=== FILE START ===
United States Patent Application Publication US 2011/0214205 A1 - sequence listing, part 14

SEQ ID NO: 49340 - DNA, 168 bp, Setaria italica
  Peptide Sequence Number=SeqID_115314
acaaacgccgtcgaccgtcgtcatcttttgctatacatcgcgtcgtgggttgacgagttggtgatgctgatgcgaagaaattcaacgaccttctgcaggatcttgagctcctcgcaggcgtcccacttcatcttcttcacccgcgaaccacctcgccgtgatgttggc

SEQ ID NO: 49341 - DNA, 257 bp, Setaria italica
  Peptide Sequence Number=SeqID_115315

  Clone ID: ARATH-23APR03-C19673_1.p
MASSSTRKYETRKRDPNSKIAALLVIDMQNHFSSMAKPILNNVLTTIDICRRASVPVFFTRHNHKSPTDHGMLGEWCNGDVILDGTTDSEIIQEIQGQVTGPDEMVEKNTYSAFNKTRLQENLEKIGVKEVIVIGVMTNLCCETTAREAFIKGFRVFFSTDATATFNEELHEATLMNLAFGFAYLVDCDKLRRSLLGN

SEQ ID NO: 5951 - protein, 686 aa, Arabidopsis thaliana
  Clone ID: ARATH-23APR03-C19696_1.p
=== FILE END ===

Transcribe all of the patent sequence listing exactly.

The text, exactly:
United States Patent Application Publication US 2011/0214205 A1 - sequence listing, part 14

SEQ ID NO: 49340 - DNA, 168 bp, Setaria italica
  Peptide Sequence Number=SeqID_115314
acaaacgccgtcgaccgtcgtcatcttttgctatacatcgcgtcgtgggttgacgagttggtgatgctgatgcgaagaaattcaacgaccttctgcaggatcttgagctcctcgcaggcgtcccacttcatcttcttcacccgcgaaccacctcgccgtgatgttggc

SEQ ID NO: 49341 - DNA, 257 bp, Setaria italica
  Peptide Sequence Number=SeqID_115315

  Clone ID: ARATH-23APR03-C19673_1.p
MASSSTRKYETRKRDPNSKIAALLVIDMQNHFSSMAKPILNNVLTTIDICRRASVPVFFTRHNHKSPTDHGMLGEWCNGDVILDGTTDSEIIQEIQGQVTGPDEMVEKNTYSAFNKTRLQENLEKIGVKEVIVIGVMTNLCCETTAREAFIKGFRVFFSTDATATFNEELHEATLMNLAFGFAYLVDCDKLRRSLLGN

SEQ ID NO: 5951 - protein, 686 aa, Arabidopsis thaliana
  Clone ID: ARATH-23APR03-C19696_1.p